Last week, SolidFire Inc, a startup in the “all-flash array” sector of the storage market announced a further $82 million in funding for the company, bringing their total investment to date to $150 million. The new funds will be used for further expansion of the company’s business. As well as raising money, two new hardware node options were announced. SolidFire systems are constructed from multiple nodes, joined together to create a scale-out storage system, where disparate node types can all exist within the same configuration. The new nodes (SF2405 & SF4805) are aimed at providing a lower price point for new customers, increasing the potential market for SolidFire by delivering 4-node systems for under $100,000. Previously this entry point was around $300,000 for an entry-level system.
The new hardware gains a new nomenclature; the SF2405 is build from 240GB drives and delivers 50,000 IOPS (emphasis on my text to explain the naming). The SF4805 is therefore built from 480GB drives and delivers the same 50,000 IOPS throughput capability. At first glance the new hardware looks like it simply replaces the previous SF3010 & SF6010 models, however system capacities are slightly different. The new models provide for capacity “multipliers”, units of 240GB, 480GB and 960GB, which presumably means we’ll see a refresh of the SF9010 at some time soon too. The hardware specs indicate that the change is more than just capacity; the new systems use slightly lower spec processors and consume on average much less power, which becomes a critical metric in a scale out system that runs into tens or hundreds of nodes. Systems are still based predominantly on the iSCSI protocol, with Fibre Channel delivered through a separate dedicated node (paired for resiliency).
SolidFire aren’t the only vendor to start offering lower entry point hardware. HP recently introduced the HP 3PAR StoreServ 7200, providing all-flash storage for a starting point of $35,000. EMC offer a “starter” X-Brick for their XtremIO platform that offers 13 drives as a base configuration. We also need to remember that many vendors are looking to kill off “the SAN” altogether (the likes of Nutanix, SimpliVity and VMware), so any option that retains customers on dedicated storage has to be explored.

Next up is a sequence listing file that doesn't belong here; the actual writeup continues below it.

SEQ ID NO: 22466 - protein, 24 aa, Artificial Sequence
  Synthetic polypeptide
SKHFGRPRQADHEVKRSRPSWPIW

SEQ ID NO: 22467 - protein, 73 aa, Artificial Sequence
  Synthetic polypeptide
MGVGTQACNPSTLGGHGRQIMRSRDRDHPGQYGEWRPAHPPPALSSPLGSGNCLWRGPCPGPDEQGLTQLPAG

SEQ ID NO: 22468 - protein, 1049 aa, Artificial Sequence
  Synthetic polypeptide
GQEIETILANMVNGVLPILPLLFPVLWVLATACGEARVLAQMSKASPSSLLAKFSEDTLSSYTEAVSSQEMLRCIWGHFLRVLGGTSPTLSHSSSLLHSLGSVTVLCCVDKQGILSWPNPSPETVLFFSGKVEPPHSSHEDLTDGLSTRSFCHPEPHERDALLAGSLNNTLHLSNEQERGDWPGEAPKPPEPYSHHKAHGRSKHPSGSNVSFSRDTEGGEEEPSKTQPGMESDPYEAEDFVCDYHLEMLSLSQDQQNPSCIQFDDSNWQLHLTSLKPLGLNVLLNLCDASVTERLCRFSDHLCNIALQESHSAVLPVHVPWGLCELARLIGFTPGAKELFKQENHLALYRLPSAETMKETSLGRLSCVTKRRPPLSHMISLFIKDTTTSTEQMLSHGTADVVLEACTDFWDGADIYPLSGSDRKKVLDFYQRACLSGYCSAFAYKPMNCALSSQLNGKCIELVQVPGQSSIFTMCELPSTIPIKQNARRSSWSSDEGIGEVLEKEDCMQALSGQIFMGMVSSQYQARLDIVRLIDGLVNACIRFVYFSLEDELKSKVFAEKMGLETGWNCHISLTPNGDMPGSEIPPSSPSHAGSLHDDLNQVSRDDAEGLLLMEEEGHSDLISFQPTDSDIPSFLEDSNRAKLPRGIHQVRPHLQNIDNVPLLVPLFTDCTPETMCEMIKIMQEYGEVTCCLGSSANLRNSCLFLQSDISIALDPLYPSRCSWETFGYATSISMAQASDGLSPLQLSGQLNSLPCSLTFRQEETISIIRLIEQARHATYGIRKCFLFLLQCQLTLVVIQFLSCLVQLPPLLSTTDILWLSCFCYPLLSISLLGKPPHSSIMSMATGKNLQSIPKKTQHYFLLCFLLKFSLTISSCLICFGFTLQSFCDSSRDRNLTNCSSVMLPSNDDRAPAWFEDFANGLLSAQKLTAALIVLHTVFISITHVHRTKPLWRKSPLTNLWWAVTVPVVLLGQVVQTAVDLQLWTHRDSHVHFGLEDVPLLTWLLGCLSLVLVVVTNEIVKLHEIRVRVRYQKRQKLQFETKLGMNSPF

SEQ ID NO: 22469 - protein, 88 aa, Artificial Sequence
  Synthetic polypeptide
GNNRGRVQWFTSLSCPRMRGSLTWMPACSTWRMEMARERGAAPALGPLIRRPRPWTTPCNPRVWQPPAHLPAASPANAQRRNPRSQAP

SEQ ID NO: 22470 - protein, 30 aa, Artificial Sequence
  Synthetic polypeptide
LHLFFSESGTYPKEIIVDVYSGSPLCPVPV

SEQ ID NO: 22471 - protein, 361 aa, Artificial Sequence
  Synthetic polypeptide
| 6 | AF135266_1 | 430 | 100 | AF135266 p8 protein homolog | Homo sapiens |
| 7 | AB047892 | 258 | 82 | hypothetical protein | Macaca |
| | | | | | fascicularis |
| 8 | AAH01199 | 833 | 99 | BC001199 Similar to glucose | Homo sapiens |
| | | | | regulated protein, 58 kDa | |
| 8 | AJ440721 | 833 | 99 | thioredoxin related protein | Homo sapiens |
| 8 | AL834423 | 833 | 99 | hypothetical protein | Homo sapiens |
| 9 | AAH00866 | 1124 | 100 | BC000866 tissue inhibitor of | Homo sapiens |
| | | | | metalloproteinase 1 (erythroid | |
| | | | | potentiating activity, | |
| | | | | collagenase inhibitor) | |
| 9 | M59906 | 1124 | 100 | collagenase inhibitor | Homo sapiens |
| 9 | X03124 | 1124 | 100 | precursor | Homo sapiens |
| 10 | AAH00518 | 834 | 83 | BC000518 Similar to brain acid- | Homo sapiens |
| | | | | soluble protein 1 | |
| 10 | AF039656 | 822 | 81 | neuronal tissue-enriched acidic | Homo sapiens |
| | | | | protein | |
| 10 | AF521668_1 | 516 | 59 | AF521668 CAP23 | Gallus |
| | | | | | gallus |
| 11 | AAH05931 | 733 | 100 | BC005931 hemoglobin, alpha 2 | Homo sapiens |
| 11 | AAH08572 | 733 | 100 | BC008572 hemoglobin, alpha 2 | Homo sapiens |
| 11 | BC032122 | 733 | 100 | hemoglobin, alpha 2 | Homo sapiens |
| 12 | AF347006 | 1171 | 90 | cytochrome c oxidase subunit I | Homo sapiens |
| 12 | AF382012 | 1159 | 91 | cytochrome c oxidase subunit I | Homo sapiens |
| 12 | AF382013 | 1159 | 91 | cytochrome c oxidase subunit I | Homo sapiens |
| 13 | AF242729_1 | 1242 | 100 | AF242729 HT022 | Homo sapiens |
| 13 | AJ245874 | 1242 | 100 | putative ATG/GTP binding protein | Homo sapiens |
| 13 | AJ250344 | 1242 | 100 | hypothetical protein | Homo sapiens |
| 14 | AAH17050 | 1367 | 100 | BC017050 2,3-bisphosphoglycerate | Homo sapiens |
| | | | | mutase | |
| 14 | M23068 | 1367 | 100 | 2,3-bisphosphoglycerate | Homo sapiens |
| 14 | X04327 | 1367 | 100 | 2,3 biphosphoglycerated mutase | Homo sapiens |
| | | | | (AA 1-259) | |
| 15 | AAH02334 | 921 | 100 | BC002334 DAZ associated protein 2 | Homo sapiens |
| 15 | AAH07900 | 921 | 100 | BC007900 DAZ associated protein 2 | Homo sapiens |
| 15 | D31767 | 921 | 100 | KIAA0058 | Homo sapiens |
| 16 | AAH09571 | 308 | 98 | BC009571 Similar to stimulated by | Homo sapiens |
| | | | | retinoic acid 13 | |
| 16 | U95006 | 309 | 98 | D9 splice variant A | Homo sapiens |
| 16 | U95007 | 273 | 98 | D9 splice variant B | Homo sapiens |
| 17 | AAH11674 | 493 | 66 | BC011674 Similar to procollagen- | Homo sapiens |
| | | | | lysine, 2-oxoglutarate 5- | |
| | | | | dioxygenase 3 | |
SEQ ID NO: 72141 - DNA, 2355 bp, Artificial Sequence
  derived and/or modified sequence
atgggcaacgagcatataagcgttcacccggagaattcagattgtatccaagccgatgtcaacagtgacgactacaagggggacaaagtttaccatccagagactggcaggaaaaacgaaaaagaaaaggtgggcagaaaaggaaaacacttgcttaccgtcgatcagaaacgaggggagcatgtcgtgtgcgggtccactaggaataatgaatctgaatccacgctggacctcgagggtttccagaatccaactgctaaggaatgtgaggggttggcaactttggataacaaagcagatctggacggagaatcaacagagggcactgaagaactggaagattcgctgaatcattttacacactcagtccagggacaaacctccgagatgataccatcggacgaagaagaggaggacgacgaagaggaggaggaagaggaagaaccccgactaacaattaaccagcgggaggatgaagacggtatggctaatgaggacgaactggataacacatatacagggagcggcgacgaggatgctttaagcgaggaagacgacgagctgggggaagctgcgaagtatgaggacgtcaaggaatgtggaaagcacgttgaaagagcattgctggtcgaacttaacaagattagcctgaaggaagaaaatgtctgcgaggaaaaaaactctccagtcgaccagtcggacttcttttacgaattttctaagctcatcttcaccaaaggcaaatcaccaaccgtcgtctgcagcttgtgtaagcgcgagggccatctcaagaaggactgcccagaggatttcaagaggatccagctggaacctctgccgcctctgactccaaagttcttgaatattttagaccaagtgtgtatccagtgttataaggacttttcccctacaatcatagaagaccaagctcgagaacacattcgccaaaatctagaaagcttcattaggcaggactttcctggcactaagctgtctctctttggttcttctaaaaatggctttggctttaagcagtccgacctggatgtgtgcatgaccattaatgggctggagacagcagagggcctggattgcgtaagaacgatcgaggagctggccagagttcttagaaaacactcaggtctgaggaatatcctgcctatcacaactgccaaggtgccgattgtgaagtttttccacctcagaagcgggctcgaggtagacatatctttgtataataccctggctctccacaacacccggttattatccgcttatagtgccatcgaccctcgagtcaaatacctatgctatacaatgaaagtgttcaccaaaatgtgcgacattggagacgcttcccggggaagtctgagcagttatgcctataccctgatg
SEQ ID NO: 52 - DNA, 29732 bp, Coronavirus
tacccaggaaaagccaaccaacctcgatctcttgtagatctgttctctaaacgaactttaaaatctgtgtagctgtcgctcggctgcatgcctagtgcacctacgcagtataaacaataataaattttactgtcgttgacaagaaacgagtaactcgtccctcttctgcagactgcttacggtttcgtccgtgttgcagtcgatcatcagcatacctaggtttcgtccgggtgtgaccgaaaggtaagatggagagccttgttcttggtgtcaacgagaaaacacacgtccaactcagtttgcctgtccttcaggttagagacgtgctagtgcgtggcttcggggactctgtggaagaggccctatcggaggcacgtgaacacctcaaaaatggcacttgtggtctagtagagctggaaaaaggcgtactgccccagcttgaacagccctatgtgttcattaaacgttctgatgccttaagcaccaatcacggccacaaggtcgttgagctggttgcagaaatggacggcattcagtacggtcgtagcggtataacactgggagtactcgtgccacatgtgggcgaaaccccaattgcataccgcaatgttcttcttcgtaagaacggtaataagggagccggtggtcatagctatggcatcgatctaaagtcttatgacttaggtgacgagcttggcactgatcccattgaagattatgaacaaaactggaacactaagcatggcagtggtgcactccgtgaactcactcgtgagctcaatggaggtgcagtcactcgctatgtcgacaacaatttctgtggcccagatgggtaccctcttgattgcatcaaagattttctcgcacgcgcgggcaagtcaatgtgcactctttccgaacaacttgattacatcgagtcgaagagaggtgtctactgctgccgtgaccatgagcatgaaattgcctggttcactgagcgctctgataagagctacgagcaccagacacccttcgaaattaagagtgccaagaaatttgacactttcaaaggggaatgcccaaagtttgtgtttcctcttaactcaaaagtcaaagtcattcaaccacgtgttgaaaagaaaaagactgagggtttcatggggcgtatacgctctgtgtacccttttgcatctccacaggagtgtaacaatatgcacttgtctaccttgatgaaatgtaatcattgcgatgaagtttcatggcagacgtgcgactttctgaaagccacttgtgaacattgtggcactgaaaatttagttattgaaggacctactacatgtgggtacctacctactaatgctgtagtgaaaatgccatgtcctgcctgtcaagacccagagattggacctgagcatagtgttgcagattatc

Getting back to the original design principles of SolidFire, the idea of smaller entry point options seems to fly in the face of deploying a highly scalable storage infrastructure. I put this point to Jay Prassl, VP for Marketing at SolidFire. He was at pains to point out that offering a lower entry point for customers had nothing to do with delivering “islands” of storage, but all about providing access to a wider base of customers who can then grow from the entry-point systems over time. As I’ve discussed in previous posts, the SolidFire architecture allows new and potentially dissimilar hardware to be added to a configuration so customers who started with the original hardware can simply add in the new nodes and have their data and performance load balanced automatically.
The Architect’s View
SolidFire have a compelling architecture and the new hardware shows incremental improvement in features that are important for delivering storage at scale. Key features are however, delivered in software and we will no doubt hear soon about the next generation of Element OS, the software running the SolidFire Systems. The company are quoting growth figures of 54% for the last quarter and everything points to a strong future. I continue to be positive on the company and their products.
- Architecting IT Posts referencing SolidFire
- SolidFire Releases Element OS Version 6
- SolidFire Secures $82 Million in Series D Funding Round (SolidFire Press Release, 7 October 2014)
- SolidFire Broadens Market Reach Delivering New Scale-Out All-Flash Platforms With Guaranteed Performance Below $100K (SolidFire Press Release, 7 October 2014)
- SolidFire System Specifications (SolidFire Website)